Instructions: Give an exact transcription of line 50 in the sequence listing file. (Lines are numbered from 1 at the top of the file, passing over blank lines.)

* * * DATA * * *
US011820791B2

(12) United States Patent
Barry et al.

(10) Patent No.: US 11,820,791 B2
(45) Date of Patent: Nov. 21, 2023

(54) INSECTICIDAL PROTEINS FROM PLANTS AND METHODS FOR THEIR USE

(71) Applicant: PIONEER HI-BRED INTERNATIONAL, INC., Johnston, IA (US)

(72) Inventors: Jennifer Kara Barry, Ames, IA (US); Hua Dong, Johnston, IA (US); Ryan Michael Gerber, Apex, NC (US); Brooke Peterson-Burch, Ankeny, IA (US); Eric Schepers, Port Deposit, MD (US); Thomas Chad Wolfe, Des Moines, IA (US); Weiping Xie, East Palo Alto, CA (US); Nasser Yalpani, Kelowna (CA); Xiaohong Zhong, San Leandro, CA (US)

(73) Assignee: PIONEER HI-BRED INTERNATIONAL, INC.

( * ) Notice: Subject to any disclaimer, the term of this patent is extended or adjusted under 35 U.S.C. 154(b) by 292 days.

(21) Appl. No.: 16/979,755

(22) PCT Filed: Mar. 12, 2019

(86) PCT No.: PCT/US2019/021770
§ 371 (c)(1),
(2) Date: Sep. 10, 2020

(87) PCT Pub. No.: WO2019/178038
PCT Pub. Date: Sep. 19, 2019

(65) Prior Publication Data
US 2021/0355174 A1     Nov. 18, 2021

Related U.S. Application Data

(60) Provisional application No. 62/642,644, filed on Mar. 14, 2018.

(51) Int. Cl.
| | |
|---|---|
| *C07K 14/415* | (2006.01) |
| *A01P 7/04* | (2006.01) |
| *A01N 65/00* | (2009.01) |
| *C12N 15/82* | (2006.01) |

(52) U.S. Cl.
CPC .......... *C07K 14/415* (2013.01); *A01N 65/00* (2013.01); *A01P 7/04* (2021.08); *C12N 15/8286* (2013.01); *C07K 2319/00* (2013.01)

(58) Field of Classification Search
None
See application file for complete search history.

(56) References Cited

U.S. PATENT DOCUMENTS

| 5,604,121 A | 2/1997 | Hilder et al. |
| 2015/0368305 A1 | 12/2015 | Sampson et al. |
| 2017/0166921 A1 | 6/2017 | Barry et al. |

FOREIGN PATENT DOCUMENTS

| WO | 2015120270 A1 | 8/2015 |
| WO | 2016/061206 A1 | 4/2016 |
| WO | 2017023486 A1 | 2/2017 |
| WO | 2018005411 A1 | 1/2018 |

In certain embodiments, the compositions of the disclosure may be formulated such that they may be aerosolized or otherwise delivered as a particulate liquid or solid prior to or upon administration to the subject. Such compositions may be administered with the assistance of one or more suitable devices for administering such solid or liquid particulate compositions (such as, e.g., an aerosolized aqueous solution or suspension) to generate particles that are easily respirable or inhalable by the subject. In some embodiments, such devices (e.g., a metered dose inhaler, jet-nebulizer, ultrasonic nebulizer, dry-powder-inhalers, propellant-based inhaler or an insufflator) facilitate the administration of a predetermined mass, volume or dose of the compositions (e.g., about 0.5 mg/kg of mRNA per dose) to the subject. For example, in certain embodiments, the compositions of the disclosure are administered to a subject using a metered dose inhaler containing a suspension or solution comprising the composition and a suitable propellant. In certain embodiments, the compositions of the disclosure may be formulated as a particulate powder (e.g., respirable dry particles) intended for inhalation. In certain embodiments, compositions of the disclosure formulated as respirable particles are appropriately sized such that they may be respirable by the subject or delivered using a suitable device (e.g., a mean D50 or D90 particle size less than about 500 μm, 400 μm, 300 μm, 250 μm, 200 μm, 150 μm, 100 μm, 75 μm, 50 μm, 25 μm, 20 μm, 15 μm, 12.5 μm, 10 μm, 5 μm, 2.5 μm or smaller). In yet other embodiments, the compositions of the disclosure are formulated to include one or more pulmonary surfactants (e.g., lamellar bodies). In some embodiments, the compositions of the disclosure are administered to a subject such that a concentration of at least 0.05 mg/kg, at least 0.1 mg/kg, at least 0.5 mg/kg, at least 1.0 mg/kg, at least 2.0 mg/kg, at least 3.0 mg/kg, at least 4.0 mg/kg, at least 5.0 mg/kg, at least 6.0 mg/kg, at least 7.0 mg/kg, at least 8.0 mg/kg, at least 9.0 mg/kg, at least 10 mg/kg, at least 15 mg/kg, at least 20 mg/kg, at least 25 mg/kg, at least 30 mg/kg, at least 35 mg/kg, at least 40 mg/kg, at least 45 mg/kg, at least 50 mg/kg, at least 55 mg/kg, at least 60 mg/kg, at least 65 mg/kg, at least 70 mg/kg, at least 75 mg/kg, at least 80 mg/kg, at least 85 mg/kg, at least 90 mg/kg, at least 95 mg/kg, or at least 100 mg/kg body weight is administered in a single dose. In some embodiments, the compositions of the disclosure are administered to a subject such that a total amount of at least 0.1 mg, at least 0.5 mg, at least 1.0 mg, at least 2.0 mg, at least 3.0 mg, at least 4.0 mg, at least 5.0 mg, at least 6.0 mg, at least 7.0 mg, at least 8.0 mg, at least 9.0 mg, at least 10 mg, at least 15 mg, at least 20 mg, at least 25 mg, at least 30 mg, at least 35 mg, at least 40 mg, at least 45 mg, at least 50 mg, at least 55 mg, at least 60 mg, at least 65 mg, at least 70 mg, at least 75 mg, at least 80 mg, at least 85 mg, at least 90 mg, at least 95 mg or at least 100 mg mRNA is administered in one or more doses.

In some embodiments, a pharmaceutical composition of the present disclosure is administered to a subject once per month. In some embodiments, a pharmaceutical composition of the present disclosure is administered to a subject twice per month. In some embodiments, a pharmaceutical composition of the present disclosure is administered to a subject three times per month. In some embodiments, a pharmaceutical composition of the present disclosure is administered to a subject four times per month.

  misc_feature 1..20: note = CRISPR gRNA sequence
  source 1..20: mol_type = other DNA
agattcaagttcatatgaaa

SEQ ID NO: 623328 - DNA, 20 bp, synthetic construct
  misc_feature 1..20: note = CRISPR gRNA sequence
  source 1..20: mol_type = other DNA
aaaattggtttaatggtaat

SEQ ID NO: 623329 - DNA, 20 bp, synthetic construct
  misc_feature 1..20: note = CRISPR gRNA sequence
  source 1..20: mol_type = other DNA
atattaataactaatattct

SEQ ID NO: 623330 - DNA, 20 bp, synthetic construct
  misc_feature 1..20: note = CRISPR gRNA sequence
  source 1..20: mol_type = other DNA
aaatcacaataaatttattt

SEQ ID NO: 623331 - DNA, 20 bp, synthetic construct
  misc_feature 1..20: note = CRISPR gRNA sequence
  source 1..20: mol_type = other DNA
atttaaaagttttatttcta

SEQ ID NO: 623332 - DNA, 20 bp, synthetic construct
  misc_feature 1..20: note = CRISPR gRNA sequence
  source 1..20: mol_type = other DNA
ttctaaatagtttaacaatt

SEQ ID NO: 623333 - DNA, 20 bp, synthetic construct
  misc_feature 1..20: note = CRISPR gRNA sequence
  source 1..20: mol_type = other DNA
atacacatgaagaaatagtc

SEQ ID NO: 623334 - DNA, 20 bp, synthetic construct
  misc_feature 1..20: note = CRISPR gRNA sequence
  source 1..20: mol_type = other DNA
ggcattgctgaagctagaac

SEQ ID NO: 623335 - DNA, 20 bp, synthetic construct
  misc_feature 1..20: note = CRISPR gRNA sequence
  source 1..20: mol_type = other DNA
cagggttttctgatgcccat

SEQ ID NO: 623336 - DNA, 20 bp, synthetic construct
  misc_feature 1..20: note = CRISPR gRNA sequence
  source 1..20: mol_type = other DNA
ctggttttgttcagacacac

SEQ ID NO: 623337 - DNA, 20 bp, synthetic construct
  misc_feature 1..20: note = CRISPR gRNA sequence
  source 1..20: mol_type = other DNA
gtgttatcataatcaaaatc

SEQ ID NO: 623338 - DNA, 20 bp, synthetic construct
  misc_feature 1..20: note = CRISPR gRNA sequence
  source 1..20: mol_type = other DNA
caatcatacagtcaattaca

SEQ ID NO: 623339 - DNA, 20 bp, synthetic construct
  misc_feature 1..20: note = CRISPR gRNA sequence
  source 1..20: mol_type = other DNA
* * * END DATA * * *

  misc_feature 1..20: note = CRISPR gRNA sequence